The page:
I will be moving this conversation out of this thread later today..
« Last Edit: October 14, 2020, 09:22:45 AM by Shutter »
 

Offline 377

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Re: The Cooper Vortex Podcast
« Reply #112 on: October 14, 2020, 09:23:00 AM »
To answer Shutter’s questions.

Yes, essentially a VFO but it was not a free running drifty oscillator. It used the rig’s PLL synthesizer chip and just expanded the frequency range beyond CB limits.

Yeah, worked skip without external amps. The advantage provided by a steel hull ground immersed in ocean water is substantial.

On the 20M ham band I’ve worked East Coast statins from CA using
2-4 watts SSB. Did it once under a parachute canopy. Listen to
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377






« Last Edit: October 14, 2020, 09:27:01 AM by 377 »
 

Offline Shutter

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Re: The Cooper Vortex Podcast
« Reply #113 on: October 14, 2020, 09:25:50 AM »
Yes, shooting skip is all about conditions. I had a Radio Shack walkie talkie with 3 watts and got heard a couple times shooting skip..

I remember the term CQ DX for trying to contact anyone on ssb..

AM skip I would say "skip land, skip land, unit 305 in south Florida wavin' hello"
« Last Edit: October 14, 2020, 09:32:55 AM by Shutter »
 

Offline 377

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Re: The Cooper Vortex Podcast
« Reply #114 on: October 14, 2020, 09:32:36 AM »
If Cooper had an accomplice on the ground he could have easily established contact during canopy descent using then available CB walkie talkies. Do you concur Shutter?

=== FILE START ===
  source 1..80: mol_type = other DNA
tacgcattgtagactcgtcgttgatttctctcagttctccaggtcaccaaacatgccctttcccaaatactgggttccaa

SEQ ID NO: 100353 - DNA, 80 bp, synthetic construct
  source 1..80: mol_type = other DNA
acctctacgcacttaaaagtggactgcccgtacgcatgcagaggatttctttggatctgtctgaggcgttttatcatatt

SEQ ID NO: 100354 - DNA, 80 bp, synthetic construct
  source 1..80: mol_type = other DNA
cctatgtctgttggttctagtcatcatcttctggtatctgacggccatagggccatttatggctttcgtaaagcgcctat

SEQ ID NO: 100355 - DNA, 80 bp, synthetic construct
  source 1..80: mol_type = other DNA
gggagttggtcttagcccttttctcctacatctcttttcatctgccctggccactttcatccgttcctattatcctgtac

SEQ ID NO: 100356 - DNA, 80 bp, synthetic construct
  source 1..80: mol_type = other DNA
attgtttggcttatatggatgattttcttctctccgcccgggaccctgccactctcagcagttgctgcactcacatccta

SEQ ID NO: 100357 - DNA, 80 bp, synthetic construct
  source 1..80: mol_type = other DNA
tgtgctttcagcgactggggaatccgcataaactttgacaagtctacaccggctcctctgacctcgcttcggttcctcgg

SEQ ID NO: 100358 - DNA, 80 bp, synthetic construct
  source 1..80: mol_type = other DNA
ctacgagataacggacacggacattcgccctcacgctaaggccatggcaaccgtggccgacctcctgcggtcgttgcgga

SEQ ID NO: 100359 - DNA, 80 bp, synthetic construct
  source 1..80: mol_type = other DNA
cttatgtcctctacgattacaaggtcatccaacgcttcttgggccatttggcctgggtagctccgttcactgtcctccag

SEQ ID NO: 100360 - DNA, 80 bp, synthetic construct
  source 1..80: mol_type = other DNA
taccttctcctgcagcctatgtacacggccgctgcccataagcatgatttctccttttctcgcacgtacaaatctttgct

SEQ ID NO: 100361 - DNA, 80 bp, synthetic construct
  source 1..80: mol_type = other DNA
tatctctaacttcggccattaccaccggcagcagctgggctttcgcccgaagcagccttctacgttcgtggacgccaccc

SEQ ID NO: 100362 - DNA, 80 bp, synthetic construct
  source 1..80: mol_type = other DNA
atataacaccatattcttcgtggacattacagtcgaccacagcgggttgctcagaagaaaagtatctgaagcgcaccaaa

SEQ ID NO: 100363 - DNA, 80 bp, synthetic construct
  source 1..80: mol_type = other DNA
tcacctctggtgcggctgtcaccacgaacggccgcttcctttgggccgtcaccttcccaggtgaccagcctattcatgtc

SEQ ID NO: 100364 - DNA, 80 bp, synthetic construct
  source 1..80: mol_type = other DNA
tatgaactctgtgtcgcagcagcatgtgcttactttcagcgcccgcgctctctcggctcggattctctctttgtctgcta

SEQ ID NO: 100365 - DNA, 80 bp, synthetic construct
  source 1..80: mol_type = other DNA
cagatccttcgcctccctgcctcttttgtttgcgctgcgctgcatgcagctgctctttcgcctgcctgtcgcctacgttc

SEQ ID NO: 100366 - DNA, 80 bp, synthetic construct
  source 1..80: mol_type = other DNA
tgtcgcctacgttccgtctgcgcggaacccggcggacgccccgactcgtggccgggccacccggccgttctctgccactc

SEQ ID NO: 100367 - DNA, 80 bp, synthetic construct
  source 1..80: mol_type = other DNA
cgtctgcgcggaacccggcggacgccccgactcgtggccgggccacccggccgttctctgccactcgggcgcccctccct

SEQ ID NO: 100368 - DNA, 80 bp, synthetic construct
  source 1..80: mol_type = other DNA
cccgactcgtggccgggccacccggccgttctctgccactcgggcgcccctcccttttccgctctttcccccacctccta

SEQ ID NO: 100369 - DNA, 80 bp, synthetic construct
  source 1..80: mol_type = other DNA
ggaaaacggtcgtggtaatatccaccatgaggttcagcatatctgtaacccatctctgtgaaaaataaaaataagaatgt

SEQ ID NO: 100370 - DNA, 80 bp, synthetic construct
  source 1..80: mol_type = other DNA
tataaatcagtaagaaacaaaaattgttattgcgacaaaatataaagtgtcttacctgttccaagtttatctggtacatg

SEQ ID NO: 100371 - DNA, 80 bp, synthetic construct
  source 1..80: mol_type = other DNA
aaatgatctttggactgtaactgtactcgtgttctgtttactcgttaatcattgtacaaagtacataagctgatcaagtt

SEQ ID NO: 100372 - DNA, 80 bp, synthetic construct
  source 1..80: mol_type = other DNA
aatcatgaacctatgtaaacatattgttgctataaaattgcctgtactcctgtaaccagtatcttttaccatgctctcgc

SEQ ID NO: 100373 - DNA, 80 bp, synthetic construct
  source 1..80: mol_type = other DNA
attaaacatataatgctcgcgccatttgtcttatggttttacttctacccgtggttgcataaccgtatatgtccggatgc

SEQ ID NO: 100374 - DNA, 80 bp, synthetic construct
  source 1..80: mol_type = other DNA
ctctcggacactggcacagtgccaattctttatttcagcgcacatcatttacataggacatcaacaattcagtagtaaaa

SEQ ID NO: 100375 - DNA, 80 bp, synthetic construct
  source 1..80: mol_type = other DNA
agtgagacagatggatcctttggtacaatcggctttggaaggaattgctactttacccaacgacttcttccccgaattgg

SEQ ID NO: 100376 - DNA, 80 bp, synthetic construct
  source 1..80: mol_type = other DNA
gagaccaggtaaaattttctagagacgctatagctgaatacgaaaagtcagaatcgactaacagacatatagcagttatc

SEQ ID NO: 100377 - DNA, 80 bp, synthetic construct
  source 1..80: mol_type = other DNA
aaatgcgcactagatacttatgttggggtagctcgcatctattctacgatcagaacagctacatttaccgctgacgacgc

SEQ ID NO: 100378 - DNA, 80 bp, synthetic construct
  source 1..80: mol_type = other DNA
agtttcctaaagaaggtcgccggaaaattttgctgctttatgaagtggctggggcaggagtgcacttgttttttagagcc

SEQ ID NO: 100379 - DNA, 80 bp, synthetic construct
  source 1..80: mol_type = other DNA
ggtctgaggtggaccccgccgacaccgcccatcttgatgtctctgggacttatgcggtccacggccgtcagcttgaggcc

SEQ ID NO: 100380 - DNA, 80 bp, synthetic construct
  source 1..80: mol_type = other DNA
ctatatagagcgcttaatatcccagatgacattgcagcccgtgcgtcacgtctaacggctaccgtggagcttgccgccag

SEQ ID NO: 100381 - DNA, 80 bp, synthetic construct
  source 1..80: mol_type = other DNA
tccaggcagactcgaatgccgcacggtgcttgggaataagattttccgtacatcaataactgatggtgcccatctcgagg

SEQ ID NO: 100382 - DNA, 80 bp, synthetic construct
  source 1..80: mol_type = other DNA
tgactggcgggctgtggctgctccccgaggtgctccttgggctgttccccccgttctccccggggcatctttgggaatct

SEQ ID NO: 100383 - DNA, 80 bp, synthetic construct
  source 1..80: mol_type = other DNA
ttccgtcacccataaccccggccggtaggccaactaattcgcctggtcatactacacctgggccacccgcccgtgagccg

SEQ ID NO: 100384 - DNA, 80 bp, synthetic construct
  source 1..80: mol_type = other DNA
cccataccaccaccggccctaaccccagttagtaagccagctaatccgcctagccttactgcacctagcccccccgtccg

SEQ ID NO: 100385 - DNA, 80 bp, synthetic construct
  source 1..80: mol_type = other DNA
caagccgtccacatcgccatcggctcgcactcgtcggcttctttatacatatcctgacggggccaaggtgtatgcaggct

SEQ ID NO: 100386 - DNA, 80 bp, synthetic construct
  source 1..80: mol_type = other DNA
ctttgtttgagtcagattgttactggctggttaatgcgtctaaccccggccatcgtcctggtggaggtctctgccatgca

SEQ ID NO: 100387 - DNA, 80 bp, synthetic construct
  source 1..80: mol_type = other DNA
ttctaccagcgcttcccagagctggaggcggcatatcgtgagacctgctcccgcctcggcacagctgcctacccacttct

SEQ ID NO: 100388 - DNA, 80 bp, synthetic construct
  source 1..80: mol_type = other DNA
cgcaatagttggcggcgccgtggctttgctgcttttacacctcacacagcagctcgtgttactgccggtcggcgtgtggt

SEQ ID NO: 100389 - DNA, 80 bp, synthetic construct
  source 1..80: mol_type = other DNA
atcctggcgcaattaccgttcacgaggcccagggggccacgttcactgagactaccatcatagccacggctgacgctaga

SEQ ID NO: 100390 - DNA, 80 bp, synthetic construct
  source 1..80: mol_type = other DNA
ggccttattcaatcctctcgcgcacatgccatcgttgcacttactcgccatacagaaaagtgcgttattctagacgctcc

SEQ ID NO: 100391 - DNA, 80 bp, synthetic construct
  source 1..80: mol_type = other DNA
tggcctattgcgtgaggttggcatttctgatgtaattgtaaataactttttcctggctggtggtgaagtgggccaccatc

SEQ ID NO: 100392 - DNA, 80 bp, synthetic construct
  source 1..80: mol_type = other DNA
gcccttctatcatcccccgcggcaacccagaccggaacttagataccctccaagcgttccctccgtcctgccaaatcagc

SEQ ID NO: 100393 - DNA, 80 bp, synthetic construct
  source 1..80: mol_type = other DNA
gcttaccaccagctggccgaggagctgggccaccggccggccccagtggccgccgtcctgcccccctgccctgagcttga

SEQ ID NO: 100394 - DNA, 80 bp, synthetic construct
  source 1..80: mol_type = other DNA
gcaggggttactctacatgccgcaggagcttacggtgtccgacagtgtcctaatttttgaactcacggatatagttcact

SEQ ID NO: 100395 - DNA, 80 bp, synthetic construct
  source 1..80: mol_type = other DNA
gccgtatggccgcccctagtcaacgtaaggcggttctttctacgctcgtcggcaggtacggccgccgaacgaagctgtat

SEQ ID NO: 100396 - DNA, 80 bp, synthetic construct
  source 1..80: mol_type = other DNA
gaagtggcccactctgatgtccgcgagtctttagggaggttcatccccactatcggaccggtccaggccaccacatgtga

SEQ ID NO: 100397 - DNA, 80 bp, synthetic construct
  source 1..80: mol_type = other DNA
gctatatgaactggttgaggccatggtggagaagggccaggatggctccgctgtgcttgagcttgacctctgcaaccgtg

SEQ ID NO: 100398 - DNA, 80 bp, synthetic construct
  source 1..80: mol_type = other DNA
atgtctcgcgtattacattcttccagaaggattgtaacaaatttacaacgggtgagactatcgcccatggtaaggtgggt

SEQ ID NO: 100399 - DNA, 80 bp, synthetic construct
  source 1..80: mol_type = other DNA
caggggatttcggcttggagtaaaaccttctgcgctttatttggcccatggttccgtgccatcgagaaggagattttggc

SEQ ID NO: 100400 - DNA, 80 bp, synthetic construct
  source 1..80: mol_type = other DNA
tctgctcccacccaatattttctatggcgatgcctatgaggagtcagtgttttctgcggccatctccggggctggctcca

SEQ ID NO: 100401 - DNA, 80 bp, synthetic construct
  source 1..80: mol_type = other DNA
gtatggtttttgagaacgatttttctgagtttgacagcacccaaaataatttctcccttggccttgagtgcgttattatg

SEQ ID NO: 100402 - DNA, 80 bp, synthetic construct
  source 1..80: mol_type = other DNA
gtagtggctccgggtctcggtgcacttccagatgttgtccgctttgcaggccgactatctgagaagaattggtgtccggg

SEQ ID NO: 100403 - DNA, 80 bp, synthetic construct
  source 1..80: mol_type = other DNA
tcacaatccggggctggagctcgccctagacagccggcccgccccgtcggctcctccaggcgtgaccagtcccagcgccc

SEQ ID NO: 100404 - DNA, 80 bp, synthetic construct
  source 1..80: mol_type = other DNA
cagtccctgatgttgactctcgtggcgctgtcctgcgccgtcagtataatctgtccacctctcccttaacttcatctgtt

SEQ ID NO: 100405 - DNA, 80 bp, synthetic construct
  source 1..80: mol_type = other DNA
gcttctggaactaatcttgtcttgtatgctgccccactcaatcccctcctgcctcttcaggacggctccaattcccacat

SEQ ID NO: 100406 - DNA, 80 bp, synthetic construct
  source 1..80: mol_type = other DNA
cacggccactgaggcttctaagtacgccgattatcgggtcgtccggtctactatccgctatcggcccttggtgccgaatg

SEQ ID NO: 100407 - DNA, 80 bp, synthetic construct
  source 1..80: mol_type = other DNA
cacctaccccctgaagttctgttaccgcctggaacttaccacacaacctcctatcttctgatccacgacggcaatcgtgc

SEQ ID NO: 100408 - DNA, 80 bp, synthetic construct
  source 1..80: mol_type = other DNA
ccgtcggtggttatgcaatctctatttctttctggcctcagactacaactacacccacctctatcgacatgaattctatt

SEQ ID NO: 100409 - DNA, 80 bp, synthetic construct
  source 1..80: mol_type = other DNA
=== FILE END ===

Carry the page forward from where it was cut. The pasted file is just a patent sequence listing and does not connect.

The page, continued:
Other than the LD Cooper story, I recall no other claimed use of skyjacker radio comms has been made.

377
 

Offline Shutter

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Re: The Cooper Vortex Podcast
« Reply #115 on: October 14, 2020, 09:35:55 AM »
I would have to say it's possible. depends on the walkie talkie and conditions. the good one I had would only work good in open area's. houses killed the signal. another friend had the same radio shack walkie talkie and we could barely hear each other a half mile away. but we were inside.

During decent, yes...
« Last Edit: October 14, 2020, 09:39:17 AM by Shutter »
 

Offline Shutter

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Re: The Cooper Vortex Podcast
« Reply #116 on: October 14, 2020, 09:43:02 AM »
The cheap walkie talkies had I believe a quarter watt. I had several as a kid and could barely reach the truckers behind us when we were on vacation traveling. I held up a sign asking him to turn to channel 14. that's the only channel they had.. :rofl:
« Last Edit: October 14, 2020, 09:43:32 AM by Shutter »